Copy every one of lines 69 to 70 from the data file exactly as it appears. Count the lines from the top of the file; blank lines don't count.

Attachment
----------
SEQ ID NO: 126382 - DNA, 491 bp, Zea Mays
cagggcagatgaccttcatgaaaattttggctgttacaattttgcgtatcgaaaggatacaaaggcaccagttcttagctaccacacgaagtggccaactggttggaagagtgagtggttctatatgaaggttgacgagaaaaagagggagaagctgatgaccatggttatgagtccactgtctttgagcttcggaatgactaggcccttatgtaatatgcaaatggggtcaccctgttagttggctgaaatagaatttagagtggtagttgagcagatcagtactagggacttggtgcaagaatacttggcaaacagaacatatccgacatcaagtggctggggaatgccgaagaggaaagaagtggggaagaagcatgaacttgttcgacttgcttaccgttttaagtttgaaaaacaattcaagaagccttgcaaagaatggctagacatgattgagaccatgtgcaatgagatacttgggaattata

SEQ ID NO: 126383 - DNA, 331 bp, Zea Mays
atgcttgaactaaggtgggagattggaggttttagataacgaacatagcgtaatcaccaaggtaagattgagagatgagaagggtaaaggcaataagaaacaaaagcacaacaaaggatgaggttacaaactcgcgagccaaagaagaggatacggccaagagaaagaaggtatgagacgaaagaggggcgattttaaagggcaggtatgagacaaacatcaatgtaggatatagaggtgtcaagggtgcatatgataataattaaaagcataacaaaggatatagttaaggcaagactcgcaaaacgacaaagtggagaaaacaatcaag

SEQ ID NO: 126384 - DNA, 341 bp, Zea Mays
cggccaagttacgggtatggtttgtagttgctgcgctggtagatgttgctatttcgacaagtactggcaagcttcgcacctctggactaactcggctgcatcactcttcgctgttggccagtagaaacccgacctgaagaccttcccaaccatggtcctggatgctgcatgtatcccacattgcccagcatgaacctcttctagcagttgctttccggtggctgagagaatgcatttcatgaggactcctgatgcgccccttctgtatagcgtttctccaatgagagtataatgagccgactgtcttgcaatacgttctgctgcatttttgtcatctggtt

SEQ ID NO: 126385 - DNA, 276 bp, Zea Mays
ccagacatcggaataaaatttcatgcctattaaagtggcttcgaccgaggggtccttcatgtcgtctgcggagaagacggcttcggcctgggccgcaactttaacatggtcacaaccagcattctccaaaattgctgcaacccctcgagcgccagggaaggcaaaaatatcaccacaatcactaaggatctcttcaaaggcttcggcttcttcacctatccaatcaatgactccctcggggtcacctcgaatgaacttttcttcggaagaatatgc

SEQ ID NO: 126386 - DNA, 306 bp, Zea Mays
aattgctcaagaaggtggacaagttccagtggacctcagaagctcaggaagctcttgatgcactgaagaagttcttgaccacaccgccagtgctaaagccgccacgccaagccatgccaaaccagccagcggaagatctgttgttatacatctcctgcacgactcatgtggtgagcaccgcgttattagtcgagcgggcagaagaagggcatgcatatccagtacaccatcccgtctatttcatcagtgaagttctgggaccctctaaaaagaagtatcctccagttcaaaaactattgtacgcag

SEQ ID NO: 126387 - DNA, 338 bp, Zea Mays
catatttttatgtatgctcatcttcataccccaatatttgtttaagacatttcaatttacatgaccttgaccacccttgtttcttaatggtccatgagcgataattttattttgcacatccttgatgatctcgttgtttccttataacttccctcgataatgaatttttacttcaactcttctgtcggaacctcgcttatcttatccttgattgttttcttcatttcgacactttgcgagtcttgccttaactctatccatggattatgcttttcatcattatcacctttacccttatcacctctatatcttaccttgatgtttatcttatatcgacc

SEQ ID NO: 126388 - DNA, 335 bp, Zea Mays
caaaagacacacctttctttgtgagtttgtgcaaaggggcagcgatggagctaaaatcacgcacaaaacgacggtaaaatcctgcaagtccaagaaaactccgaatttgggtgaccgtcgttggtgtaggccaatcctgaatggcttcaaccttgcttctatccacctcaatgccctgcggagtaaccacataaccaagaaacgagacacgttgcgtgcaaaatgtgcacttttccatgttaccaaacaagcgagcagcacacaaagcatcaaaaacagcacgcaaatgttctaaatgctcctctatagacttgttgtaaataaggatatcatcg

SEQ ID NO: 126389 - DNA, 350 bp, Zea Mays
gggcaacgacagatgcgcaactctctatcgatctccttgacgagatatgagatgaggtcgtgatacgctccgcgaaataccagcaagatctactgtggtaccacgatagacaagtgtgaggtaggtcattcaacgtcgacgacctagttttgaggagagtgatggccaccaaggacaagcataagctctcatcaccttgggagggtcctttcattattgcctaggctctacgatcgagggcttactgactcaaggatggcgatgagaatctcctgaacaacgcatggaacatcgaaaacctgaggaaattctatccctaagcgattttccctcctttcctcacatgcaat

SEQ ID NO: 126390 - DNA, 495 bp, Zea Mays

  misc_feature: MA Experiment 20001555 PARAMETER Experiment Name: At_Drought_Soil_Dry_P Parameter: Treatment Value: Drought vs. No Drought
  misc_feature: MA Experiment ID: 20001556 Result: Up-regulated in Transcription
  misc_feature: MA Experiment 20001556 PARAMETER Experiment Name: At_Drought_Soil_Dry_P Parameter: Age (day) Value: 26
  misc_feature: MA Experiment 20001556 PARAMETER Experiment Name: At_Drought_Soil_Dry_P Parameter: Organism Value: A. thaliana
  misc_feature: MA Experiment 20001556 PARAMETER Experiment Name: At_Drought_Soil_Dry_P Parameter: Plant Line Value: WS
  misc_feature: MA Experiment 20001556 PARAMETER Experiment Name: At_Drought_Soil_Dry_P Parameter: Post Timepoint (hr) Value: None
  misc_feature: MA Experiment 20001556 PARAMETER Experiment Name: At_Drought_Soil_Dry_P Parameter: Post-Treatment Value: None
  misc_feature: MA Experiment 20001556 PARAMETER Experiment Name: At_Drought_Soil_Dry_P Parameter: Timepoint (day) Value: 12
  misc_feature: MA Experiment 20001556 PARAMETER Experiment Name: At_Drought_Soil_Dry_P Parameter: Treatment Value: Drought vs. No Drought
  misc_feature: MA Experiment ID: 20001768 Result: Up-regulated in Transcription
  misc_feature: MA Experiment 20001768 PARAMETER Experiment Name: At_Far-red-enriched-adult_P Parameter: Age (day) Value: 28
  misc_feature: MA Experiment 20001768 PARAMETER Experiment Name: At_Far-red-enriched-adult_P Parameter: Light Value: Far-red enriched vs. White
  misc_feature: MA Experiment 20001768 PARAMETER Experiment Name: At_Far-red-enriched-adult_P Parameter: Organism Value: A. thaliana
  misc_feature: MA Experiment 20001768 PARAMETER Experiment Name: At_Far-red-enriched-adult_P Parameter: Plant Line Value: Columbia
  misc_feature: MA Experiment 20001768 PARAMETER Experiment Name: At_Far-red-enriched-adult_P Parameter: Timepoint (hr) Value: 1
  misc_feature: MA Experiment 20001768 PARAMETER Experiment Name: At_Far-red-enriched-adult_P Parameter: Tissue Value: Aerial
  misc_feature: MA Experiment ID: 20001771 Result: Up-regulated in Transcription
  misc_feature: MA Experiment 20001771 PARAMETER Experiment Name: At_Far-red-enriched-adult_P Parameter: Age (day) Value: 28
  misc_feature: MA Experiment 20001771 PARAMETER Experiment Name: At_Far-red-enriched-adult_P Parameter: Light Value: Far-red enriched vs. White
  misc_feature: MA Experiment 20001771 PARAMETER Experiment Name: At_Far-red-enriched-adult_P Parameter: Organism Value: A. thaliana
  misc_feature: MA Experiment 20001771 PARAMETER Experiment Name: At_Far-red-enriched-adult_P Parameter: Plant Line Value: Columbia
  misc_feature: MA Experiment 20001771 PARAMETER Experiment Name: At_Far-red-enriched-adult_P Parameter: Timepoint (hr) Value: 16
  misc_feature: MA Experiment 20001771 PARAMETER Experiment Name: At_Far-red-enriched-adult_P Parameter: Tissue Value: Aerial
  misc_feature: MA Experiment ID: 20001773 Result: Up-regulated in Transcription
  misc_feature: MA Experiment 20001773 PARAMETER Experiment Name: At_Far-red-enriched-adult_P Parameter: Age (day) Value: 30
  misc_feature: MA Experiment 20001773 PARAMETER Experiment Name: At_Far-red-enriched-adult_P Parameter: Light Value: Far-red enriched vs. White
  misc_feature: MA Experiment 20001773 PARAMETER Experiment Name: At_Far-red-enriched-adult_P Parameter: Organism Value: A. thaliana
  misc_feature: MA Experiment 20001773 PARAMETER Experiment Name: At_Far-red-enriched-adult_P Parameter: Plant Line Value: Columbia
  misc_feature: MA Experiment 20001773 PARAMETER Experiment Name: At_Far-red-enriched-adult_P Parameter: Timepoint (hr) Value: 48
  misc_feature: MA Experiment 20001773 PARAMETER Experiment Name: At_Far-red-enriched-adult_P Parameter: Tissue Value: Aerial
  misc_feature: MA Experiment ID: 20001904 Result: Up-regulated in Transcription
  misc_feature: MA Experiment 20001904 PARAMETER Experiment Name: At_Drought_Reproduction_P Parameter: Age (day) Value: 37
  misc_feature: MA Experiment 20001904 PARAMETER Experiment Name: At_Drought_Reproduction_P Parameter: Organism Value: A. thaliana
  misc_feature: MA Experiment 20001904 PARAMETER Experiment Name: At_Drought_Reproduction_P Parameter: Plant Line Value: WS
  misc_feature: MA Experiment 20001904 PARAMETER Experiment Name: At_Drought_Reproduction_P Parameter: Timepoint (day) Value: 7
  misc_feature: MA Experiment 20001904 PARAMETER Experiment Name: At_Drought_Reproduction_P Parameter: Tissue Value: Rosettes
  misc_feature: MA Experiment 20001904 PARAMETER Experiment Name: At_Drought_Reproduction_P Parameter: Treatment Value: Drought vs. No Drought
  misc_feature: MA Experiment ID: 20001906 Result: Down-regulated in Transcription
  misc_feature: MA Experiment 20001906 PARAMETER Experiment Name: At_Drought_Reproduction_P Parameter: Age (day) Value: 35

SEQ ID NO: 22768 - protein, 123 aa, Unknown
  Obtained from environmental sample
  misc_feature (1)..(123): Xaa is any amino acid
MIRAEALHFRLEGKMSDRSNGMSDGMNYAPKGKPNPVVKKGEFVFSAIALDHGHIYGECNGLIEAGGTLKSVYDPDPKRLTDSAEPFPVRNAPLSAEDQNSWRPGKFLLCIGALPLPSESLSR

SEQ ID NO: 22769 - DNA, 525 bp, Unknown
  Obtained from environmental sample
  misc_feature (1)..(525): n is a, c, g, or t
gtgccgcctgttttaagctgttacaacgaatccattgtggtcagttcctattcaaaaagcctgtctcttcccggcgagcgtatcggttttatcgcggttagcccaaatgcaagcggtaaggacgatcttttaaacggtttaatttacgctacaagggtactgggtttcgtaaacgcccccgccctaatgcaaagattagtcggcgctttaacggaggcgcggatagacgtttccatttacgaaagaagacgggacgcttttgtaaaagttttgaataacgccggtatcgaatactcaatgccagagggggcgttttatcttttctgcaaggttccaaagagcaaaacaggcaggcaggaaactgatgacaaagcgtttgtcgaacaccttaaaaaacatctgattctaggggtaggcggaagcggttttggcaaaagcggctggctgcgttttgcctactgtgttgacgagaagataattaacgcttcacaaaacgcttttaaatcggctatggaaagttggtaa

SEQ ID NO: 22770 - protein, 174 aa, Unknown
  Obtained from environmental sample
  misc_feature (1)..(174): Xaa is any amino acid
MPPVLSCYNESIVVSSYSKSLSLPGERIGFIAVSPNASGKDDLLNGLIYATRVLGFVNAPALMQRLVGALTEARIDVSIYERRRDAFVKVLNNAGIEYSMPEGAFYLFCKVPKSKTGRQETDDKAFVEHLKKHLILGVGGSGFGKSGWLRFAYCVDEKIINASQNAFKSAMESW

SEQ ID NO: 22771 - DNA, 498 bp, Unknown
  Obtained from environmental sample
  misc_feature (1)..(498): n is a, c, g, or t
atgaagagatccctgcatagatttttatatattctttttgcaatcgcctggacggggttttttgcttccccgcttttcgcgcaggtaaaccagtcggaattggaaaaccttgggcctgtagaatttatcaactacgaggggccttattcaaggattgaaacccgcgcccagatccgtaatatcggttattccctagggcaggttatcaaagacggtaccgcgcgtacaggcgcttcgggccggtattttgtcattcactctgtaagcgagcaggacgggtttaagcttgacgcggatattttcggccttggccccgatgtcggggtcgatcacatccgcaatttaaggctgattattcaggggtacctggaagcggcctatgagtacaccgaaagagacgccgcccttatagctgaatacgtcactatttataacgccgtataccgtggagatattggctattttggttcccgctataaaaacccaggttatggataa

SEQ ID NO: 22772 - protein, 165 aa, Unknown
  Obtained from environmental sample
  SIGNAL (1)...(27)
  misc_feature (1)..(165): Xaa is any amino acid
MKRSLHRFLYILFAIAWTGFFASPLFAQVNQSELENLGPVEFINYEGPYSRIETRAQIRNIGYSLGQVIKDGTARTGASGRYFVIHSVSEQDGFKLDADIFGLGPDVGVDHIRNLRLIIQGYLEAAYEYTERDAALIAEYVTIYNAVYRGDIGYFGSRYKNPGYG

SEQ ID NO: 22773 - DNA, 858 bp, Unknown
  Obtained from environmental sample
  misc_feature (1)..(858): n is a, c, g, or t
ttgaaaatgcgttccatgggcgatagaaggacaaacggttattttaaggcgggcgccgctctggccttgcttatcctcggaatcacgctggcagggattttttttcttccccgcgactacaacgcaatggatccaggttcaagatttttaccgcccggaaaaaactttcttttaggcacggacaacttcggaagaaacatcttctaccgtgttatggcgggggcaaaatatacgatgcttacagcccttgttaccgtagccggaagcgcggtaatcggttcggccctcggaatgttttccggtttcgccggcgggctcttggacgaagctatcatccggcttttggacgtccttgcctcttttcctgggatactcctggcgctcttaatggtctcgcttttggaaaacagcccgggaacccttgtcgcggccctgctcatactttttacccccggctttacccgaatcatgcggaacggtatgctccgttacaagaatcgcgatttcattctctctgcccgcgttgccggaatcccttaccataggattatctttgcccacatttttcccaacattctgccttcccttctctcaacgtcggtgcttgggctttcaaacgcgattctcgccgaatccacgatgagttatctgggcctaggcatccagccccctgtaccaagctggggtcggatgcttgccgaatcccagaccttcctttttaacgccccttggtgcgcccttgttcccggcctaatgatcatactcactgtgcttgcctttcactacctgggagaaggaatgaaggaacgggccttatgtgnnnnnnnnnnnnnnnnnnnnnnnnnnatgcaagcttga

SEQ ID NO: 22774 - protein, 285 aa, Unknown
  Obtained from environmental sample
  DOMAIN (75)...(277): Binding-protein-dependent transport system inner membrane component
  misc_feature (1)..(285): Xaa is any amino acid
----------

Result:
SEQ ID NO: 22771 - DNA, 498 bp, Unknown
  Obtained from environmental sample